Watching the World
Food for a Month
◆ At one point in 1973 combined world wheat reserves apparently fell to enough for only about a month’s consumption. Though in some areas bumper crops averted any immediate crisis, the long-term problem remains, now linked closely with the fuel crisis. Hardest hit will be the poorer “developing” countries, many experts believe. They lack financial reserves to cover increased costs, both of oil and oil-price-inflated products from industrial countries. One expert predicts that they will be “priced out of the market” for fertilizer, food and gasoline, bringing “desperate” conditions of famine, reports The Wall Street Journal.
“Obese” with Energy
◆ British fuel expert Harvey Morris claims that Americans have allowed themselves to become “obese” with energy demands as a result of past cheap abundance. He asserts: “You really don’t have an energy crisis. It’s merely a matter of waste efforts.” For example, he says that most industrial and home burner systems he checked were thirty years behind those in Europe, resulting in a 10- to 15-percent fuel loss. “Sophisticated equipment we use regularly in Europe is made in the U.S.,” but exported, he said, “because America didn’t need it in the past.” Recreation also cost Americans 8.1 billion gallons of fuel last year, most of which went for travel on vacations, and for various sports.
◆ The number of cars on U.S. highways passed the 100,000,000 mark last year, nearly one for every two persons in the country. Over 23,000,000 trucks and buses also vie with them for road space and fuel, especially in the ten states that have over half of the cars.
Decay from Within
◆ An Italian priest’s widely publicized letter charges Pope Paul with neglecting the poor of his own diocese. He says that the number of real believers is small and that Catholic Rome is becoming a “school of violence” where 2 percent of women are prostitutes, and drugs are “the refuge of the weak.” Much of Italy’s church news in recent weeks is critical. Corriere della Sera headlines: “How the Phenomenon of Dissension Amongst the Milan Clergy Is Being Manifested. There Are a Hundred Priests Who Protest.” L’Europeo reports the outspoken defection of well-known seminary theologian Ambrogio Valsecchi. Il Mezzogiorno published an Avezzano priest’s protest against his new bishop’s lavish seating ceremony with honor guard. He calls such display “the sin of a Church whose sole concern remains its own survival and its own prestige in the eyes of the ‘great.’” He assailed the “prostituting of the evangelical message,” and said: “We have ceased being Christian, perhaps we have never been!”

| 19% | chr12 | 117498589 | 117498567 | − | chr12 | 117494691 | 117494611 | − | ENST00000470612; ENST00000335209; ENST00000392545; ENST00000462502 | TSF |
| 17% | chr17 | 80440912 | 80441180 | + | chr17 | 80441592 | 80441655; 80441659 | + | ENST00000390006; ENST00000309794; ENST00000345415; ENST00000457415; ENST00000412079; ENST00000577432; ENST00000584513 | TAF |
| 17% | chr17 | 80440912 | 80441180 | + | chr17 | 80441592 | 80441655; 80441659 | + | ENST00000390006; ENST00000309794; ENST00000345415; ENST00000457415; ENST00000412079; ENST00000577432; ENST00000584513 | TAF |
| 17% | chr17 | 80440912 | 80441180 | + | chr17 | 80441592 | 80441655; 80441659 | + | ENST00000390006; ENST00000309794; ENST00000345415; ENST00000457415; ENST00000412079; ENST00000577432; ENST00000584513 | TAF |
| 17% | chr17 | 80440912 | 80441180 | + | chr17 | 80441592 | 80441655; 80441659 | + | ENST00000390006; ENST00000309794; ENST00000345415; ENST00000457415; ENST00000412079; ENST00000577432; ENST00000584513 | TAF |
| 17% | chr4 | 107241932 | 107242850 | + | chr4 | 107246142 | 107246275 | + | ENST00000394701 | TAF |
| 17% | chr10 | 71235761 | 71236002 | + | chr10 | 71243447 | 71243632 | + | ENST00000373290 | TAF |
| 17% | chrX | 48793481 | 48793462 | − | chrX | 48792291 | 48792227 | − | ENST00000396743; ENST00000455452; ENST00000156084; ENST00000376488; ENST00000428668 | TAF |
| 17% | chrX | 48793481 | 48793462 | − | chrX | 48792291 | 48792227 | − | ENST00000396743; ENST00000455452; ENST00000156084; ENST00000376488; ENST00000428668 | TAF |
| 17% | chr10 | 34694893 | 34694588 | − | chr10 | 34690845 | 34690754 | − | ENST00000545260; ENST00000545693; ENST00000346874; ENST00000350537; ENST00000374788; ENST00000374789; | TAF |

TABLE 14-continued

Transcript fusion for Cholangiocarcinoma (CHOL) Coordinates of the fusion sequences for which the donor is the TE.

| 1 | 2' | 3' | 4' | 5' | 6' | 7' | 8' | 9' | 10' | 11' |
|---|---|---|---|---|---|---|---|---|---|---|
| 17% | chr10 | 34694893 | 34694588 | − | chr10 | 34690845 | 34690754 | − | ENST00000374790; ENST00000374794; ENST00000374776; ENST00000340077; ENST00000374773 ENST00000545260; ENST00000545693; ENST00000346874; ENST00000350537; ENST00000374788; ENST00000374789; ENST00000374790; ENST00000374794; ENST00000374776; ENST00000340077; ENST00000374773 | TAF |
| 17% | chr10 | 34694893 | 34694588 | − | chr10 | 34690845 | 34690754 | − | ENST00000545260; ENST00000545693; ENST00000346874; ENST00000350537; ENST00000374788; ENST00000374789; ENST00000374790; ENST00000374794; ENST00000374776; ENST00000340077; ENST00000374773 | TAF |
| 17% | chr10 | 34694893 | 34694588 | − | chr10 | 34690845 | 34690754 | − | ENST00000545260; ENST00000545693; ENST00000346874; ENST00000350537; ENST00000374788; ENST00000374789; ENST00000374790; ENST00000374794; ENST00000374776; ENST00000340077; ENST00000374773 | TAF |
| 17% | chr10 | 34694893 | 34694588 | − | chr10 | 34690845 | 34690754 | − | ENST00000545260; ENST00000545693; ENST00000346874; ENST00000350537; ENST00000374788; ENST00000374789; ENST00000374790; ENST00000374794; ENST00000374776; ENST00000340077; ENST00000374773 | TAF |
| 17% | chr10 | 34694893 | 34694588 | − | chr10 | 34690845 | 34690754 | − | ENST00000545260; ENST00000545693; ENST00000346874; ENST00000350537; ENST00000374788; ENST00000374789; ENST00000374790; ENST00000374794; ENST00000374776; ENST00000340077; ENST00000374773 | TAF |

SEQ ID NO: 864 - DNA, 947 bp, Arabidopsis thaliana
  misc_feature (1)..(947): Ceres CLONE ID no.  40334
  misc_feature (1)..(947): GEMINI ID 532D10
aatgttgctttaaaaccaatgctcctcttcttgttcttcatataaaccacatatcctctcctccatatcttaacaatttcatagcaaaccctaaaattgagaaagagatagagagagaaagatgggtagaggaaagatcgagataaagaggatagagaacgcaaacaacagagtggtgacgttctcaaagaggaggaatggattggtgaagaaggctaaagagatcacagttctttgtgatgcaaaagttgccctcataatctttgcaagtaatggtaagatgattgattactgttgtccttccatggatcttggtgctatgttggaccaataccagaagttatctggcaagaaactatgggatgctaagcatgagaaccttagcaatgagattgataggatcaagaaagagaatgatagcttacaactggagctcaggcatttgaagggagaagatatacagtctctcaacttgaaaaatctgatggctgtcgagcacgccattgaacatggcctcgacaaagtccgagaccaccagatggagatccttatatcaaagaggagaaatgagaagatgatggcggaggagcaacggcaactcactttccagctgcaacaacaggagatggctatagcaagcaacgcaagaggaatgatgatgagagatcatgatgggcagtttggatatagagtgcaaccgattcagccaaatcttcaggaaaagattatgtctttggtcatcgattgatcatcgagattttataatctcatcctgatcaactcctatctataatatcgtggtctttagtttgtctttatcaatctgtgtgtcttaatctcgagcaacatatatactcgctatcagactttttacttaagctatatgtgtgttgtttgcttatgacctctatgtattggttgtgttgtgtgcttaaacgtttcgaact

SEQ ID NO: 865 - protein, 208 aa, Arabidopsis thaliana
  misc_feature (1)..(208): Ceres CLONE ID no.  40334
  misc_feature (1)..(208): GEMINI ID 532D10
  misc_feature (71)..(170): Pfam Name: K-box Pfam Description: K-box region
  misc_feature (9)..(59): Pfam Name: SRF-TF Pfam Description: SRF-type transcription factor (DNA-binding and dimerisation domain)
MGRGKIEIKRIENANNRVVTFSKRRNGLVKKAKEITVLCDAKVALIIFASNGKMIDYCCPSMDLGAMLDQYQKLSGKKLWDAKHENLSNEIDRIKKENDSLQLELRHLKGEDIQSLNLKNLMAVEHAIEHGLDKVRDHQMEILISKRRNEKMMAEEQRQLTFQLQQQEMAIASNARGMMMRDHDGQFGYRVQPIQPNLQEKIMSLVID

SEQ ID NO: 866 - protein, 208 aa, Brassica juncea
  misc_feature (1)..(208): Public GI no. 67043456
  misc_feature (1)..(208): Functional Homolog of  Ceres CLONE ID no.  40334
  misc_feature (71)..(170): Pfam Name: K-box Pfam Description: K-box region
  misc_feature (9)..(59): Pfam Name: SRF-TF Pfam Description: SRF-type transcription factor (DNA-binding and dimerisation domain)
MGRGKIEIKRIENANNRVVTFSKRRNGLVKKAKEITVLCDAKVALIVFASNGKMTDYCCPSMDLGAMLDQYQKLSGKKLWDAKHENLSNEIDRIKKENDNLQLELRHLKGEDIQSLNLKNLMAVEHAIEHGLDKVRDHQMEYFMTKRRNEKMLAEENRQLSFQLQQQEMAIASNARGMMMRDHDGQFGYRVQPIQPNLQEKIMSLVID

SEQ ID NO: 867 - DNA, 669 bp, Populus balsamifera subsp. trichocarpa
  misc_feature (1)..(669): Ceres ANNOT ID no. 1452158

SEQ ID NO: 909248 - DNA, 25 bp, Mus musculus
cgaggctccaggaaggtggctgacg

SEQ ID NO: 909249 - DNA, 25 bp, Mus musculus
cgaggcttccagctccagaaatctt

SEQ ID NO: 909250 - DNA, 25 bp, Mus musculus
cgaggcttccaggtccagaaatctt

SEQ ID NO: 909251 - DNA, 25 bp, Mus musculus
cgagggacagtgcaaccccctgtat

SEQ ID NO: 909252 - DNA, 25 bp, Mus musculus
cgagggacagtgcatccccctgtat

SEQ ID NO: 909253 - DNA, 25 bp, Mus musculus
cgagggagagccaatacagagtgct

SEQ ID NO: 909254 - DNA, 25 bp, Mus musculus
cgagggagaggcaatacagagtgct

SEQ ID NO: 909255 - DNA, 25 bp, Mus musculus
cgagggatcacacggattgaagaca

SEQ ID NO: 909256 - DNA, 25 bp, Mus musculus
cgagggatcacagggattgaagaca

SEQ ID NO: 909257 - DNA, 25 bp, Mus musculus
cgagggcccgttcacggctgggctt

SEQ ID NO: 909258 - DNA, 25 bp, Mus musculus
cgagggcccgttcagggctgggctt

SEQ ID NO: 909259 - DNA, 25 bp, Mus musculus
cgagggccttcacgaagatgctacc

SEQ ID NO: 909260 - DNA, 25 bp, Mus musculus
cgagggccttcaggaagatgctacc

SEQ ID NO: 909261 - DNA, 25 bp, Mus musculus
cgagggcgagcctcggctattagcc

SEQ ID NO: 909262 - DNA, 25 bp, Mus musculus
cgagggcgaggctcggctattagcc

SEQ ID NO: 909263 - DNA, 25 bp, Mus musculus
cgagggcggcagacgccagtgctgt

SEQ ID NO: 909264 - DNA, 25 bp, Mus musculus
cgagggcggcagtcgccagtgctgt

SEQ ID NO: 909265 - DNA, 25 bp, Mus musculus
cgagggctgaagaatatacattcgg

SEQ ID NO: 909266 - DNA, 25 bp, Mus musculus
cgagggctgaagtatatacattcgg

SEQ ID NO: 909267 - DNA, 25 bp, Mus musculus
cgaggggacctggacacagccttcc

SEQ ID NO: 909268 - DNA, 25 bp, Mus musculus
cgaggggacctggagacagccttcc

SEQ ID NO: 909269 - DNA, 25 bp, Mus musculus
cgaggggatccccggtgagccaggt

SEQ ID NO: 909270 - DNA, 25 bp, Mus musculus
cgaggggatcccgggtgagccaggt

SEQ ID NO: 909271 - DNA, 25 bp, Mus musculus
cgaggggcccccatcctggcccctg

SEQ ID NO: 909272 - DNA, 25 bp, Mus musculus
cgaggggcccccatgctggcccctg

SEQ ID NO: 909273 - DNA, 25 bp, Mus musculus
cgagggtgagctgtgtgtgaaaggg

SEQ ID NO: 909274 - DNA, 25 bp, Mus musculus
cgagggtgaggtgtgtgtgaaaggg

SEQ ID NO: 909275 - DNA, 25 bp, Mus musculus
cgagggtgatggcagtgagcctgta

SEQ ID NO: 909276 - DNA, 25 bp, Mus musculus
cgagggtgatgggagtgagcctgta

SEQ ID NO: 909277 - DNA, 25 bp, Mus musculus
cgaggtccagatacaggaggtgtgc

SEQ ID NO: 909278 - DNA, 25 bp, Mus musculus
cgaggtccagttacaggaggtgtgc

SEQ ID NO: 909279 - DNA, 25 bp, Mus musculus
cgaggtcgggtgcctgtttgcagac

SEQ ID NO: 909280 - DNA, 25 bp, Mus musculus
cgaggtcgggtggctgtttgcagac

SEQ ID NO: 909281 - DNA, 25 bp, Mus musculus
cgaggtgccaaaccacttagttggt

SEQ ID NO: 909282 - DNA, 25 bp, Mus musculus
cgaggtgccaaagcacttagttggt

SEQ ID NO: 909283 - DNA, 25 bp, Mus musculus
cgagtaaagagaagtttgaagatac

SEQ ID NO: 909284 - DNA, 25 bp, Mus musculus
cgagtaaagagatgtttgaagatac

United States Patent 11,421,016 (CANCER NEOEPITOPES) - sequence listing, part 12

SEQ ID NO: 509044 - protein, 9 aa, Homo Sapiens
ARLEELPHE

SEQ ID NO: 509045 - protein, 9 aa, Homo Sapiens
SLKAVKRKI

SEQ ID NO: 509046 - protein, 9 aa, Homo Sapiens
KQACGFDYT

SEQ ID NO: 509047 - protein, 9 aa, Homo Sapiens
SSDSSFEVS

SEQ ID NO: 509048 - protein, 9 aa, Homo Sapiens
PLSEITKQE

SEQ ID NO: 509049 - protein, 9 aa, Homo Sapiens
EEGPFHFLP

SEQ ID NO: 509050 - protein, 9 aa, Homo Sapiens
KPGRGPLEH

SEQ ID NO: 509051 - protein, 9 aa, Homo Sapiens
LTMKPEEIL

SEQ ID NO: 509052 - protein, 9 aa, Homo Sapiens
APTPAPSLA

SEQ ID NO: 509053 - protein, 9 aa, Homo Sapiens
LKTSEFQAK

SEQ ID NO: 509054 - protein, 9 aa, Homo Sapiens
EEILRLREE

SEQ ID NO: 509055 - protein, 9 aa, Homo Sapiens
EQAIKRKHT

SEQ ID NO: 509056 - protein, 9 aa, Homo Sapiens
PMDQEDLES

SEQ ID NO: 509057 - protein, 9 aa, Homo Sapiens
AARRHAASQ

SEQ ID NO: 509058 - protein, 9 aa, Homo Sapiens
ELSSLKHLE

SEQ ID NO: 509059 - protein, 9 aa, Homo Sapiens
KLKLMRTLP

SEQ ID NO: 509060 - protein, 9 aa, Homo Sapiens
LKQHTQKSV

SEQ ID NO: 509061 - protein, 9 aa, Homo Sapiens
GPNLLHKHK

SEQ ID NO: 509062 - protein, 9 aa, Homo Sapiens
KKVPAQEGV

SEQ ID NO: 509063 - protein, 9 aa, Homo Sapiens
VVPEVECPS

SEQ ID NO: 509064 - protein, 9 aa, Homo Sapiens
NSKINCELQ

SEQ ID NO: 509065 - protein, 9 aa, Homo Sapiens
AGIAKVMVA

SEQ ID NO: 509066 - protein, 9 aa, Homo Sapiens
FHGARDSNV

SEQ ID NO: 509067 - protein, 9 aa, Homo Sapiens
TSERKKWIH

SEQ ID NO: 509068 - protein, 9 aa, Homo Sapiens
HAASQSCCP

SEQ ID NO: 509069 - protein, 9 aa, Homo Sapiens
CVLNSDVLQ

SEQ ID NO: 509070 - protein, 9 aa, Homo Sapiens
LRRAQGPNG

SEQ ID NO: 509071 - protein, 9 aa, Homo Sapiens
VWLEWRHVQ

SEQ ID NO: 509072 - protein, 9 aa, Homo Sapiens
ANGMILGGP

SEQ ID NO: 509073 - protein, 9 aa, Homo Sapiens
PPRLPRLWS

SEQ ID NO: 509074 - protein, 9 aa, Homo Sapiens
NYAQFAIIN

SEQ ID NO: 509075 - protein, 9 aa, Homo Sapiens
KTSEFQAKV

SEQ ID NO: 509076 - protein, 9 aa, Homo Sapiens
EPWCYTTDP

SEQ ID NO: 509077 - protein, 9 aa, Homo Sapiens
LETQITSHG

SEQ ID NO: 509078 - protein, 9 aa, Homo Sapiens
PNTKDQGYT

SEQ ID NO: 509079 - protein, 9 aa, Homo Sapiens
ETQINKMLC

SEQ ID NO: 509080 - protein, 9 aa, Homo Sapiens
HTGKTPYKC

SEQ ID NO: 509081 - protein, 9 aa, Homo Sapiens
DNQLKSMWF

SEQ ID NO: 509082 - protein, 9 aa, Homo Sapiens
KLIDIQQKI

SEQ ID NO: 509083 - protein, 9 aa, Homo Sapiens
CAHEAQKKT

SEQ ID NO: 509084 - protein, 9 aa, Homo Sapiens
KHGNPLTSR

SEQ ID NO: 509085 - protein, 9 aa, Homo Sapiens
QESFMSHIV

Quandary for Asia’s Catholics
◆ A Jesuit group in the Philippines accepted an $82,000 grant from a division of the Planned Parenthood Federation of America. The terms of the grant require promotion of birth control in the Asian area, with a yearly report on “the amounts of contraceptives by type and quantity used.” At the same time, the local 80-percent Catholic population is faced with a campaign by Philippine bishops assailing the extensive family-planning programs now in the area. The question is: To whom should sincere Catholics listen?
◆ Jesuit priest John McLaughlin, deputy special assistant to President Nixon, says that clergymen should not be pointing accusing fingers at corruption. “Indeed, the churches have their own skeletons in the closet that make the Watergate events seem, in comparison, like the [slight offenses] of novice nuns.” He said that he believed that those leading the country “are no better and no worse, and no more sinful or less sinful, no more sullied or unsullied morally, ethically or spiritually than the people in all those other occupations—including the clergy.”
Crime in the East
◆ Recent reports from China and Russia show that the West is not alone in its crime problem. The newspaper Zarya Vostoka of Russian Georgia reports official corruption, theft, bribery and drunkenness. Black marketing even made one man a ruble millionaire. Communist party newspaper Jenmin Jih Pao of Peking commended street patrols for “taking the initiative against class enemies” throughout the city, day and night. A poster campaign backs up this fight against “hooliganism” among the young that is causing some to hesitate walking the streets at night alone. All kinds of crime, from petty theft to murder, are said to be involved.
168 Years Old!
◆ Soviet citizen Shiraly Mislimov reportedly reached that age before he died last year. He resided high up in a small mountain village with his 107-year-old third wife, Khatun, after outliving the first two. He attributed longevity primarily to hard work in the mountain air, says the Soviet digest Sputnik.
◆ Last year the number of Japanese over a hundred years old was reported as 532, with 519 of them in Japan and 13 in the United States. Japan’s female centenarians are four times as numerous as the men, 429 compared to 103.
Trend in Smoking
◆ The American Cancer Society says that 10 million Americans stopped smoking during the past ten years. However, the total number of smokers increased from 50 to 52 million, with the percentage of children smokers (12 to 17), especially girls, on the increase. Ironically, since the banning of cigarette advertising on radio and television, there has been about a 3-percent increase in smoking.